"Legal injunctions based on sound cause have been known to instantly freeze actions."

How can this be done?

dan dempsey said...

How can this be done?1. File paper work for an injunction.
2. Make a case as to why irreparable harm will occur without the court's immediate intervention.

The SPS has provided so much material over the last 10 years demonstrating a disregard for disadvantaged learners in mathematics that #2 above is easy.

Now they pick the SBE rated unacceptable book series.

Isabel D'Ambrosia said...

Instead of saying how "easy" it would be to file an injunction, can we ask WHO is going to do it? Dan? Any math-minded attorneys out there?

dan dempsey said...


I am exploring the mechanics of legal action. Look for something tangible in the future.

A few thoughts on public trust, which supposedly the district is interested in building.

Once there was more trust in schools than currently. For math, part of the problem locally is the influence of UW College of Education in instructional materials decisions. Unfortunately decisions are often based on alignment with the ideology pushed by the College of Education. Rarely if ever are previous performance numbers ever considered. Equally strange is the failure to address reality later.

In 2007 the Seattle School Board disregarded Denver’s massive failure with the Everyday Math – Connected Math combination and adopted Everyday Math. At the time of the 2007 adoption achievement gaps were very large for five classifications of disadvantaged learners. After one year of Everyday Math all five gaps were larger.

The Seattle School Board by a 4-3 vote has recently decided to adopt a failed program from San Diego that has been found to be mathematically unsound.
Trust in Seattle Schools will not be rebounding in the foreseeable future.

dan dempsey said...

May 20, 2009
Introductory item:
Everyday Math Consumables for 2009-2010 =


Expensive to make kids stupid.
Much less expensive to make them smart with Singapore.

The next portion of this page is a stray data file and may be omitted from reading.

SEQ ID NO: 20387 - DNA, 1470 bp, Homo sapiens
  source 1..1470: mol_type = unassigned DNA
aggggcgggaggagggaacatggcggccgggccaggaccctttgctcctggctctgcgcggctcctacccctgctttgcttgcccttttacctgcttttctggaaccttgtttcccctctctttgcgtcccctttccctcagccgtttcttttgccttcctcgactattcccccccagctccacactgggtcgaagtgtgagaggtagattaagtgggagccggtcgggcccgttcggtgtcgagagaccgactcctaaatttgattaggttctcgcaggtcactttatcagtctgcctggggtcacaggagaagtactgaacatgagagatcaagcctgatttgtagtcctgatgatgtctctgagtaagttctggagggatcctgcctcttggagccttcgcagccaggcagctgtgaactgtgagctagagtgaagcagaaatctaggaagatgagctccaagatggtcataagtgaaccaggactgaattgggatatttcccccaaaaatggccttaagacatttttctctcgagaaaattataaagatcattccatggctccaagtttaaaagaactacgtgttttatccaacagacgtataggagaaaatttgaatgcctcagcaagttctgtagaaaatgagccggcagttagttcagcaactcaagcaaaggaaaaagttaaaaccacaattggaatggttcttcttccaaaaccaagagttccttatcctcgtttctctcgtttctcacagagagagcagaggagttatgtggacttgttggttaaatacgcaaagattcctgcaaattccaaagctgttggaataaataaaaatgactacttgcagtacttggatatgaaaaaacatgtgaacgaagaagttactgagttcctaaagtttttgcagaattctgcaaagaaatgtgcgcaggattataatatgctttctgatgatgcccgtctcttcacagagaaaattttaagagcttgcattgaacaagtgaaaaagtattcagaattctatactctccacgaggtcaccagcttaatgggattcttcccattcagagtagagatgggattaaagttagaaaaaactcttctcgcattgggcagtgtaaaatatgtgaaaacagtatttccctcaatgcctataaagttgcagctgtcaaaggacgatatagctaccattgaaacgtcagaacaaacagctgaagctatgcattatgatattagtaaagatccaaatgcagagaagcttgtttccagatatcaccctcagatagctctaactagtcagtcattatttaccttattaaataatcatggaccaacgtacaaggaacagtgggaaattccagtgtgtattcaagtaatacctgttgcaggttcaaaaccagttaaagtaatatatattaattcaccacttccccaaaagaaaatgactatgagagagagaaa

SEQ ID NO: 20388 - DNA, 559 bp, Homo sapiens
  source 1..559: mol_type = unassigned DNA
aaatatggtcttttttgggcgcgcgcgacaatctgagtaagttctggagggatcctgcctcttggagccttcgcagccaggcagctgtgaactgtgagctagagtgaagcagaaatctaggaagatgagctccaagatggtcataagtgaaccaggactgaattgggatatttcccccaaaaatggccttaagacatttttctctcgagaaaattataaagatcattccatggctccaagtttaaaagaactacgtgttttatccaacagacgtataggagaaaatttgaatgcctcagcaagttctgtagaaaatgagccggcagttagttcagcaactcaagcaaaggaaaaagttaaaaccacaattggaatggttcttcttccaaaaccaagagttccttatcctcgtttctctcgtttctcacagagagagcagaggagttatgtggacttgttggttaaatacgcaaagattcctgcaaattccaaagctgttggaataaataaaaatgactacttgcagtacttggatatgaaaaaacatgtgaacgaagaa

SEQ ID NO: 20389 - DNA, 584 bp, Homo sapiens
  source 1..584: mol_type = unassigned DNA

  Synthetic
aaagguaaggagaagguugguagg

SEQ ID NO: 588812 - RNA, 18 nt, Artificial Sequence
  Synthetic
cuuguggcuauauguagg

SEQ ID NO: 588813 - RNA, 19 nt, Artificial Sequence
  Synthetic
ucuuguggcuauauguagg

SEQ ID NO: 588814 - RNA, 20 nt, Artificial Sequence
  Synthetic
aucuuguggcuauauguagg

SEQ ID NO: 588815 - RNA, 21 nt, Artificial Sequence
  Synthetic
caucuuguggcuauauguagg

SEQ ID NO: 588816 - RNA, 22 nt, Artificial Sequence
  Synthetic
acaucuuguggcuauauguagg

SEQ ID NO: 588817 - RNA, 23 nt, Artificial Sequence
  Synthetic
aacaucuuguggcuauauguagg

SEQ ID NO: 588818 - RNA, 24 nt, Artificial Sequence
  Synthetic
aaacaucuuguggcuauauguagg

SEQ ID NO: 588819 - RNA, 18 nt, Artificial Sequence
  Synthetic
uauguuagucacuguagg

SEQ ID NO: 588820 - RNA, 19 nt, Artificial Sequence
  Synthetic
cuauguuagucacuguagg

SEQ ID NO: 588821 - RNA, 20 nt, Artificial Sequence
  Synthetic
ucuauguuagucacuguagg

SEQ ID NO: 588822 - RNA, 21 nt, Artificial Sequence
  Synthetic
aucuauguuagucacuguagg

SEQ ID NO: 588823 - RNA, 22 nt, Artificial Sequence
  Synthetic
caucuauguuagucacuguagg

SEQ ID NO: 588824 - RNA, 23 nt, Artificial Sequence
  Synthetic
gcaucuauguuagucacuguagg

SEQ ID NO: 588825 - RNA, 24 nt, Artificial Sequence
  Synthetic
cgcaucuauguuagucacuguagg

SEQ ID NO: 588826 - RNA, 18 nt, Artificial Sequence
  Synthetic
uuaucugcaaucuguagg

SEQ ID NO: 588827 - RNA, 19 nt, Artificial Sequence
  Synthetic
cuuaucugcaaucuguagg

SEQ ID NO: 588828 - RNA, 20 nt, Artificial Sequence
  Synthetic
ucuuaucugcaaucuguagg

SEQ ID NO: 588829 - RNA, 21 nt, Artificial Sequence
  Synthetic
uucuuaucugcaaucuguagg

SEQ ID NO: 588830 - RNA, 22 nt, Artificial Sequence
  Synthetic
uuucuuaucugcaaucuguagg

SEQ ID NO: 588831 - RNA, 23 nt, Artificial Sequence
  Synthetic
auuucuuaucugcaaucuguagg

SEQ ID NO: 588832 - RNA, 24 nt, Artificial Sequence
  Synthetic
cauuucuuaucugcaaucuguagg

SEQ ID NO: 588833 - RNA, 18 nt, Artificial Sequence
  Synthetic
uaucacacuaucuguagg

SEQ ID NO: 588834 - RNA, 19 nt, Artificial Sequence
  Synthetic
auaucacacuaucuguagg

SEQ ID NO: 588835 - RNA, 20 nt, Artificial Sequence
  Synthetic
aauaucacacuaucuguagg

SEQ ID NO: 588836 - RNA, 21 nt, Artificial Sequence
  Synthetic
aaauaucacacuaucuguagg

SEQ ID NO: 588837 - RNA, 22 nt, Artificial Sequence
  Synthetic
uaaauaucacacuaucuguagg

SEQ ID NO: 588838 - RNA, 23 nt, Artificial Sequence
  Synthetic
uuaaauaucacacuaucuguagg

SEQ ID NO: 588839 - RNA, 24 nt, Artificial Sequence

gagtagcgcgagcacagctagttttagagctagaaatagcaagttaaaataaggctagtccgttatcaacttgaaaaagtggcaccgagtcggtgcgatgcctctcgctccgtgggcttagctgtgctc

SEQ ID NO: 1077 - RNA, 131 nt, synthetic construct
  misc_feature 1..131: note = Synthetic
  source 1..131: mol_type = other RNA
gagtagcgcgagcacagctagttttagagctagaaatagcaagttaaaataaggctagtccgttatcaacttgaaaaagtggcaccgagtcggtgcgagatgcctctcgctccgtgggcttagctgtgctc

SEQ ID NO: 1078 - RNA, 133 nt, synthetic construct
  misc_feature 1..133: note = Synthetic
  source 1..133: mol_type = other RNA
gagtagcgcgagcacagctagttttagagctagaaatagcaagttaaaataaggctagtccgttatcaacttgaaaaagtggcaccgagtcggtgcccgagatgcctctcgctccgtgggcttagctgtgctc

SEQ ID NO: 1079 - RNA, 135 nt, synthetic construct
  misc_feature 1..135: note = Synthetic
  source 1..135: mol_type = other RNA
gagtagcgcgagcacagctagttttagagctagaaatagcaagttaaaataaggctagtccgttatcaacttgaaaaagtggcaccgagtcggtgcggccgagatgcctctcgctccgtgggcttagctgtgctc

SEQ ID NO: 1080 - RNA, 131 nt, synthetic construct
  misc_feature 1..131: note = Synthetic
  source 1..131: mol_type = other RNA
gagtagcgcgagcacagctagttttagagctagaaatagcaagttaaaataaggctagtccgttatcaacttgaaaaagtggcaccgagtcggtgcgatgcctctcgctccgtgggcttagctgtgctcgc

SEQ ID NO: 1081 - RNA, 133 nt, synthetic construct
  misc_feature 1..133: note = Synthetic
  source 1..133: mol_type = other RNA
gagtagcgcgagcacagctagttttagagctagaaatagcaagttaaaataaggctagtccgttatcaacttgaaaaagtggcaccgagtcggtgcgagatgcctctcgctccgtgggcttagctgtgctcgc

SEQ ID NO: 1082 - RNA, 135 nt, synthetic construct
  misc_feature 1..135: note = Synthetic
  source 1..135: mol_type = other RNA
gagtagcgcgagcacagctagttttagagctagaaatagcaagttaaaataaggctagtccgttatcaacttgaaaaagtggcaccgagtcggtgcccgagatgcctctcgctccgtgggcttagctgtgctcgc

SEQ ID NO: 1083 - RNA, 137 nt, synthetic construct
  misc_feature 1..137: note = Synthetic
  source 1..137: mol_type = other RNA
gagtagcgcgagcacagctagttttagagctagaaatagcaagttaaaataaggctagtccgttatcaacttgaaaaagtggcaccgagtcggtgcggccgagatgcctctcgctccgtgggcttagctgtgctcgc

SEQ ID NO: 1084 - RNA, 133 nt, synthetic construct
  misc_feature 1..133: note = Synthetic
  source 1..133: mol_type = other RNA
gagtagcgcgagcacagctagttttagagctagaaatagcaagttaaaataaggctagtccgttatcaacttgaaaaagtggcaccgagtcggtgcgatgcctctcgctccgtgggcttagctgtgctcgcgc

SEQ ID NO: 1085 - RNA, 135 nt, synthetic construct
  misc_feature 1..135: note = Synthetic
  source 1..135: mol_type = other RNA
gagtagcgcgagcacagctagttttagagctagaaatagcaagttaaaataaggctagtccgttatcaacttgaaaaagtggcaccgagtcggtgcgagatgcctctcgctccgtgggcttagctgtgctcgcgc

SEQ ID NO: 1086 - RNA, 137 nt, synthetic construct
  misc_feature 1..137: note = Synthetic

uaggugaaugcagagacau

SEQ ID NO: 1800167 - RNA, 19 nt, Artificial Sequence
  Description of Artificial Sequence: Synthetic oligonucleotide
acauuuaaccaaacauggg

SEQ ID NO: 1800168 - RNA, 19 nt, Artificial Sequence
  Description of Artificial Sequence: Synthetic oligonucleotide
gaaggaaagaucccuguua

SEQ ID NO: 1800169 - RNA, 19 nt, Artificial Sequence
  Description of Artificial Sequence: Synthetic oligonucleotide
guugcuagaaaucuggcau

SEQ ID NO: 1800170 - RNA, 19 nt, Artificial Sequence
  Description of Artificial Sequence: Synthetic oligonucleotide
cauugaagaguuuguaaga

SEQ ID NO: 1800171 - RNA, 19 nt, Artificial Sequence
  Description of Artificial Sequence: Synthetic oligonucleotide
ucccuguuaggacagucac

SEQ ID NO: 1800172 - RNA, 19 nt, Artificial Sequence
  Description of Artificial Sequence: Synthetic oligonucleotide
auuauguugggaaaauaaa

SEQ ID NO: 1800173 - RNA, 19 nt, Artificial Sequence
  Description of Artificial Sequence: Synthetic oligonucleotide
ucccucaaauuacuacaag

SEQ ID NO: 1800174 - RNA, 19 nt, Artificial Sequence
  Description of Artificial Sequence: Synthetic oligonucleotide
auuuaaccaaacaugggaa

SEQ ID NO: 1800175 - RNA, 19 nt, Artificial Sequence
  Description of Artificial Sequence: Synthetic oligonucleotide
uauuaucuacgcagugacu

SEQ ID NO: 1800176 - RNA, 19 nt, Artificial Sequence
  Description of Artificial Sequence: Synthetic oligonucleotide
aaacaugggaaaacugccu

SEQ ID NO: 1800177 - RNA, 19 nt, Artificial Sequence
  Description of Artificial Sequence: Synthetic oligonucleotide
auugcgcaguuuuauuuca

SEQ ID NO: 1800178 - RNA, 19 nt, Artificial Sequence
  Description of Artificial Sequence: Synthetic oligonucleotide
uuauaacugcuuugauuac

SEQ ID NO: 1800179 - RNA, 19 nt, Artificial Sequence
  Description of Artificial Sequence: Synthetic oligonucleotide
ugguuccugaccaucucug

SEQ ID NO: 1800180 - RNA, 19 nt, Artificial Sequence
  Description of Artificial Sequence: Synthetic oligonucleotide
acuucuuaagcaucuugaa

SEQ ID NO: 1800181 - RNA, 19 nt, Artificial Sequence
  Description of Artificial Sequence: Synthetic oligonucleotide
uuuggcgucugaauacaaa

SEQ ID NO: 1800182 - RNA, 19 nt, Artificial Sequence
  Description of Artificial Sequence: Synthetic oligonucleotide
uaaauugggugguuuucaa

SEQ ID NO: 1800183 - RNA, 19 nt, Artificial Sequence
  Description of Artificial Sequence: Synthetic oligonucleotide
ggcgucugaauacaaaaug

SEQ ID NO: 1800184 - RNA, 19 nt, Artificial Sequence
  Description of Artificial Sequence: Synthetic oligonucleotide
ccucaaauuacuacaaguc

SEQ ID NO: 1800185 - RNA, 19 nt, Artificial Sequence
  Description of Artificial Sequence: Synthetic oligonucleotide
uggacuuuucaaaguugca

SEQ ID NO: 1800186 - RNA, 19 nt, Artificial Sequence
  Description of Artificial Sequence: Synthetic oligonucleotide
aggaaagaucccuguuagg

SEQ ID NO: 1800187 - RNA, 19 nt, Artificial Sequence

dan dempsey said...

Don't miss this excellent story about life with Everyday Math.

http://ednews.org/articles/one-step-ahead-of-the-train-wreck.html Call in Monday morning 206-252-0040
and testify March 20.

ParentofThree said...


I am sick....we need to spend this money EVERY year on EDM.

The upshot is that when they do realize EDM is a failure at least they won't be tossing out books, like San Diego is currently!

Dorothy Neville said...

Dan, great article. Here's another one by the same author, an overview article that gives more depth to the history of the Math Wars than I knew. I had no idea it was considered partisan.

One great line: "While adherents [to discovery learning] believe that such an approach teaches “mathematical thinking” rather than dull routine skills, some mathematicians have likened it to teaching someone to play water polo without first teaching him to swim."

dan dempsey said...


Thanks so much for the link to Barry's article. I've posted a link to it and a few comments.

I hope that several folks will take the time to testify about $474,440 for EDM consumables and $0.00 for Singapore consumables.


dan dempsey said...

Dear Isabel D'Ambrosia,

I've got my money saved and I am attorney shopping.


ParentofThree said...

"I've got my money saved and I am attorney shopping."

Once you're ready to go, let us know, I will contribute to the cause.

dan dempsey said...

Thanks SPSMom,

I needed that. This is at times a really lonely road. Hope to see you at the Wed. Night testimony.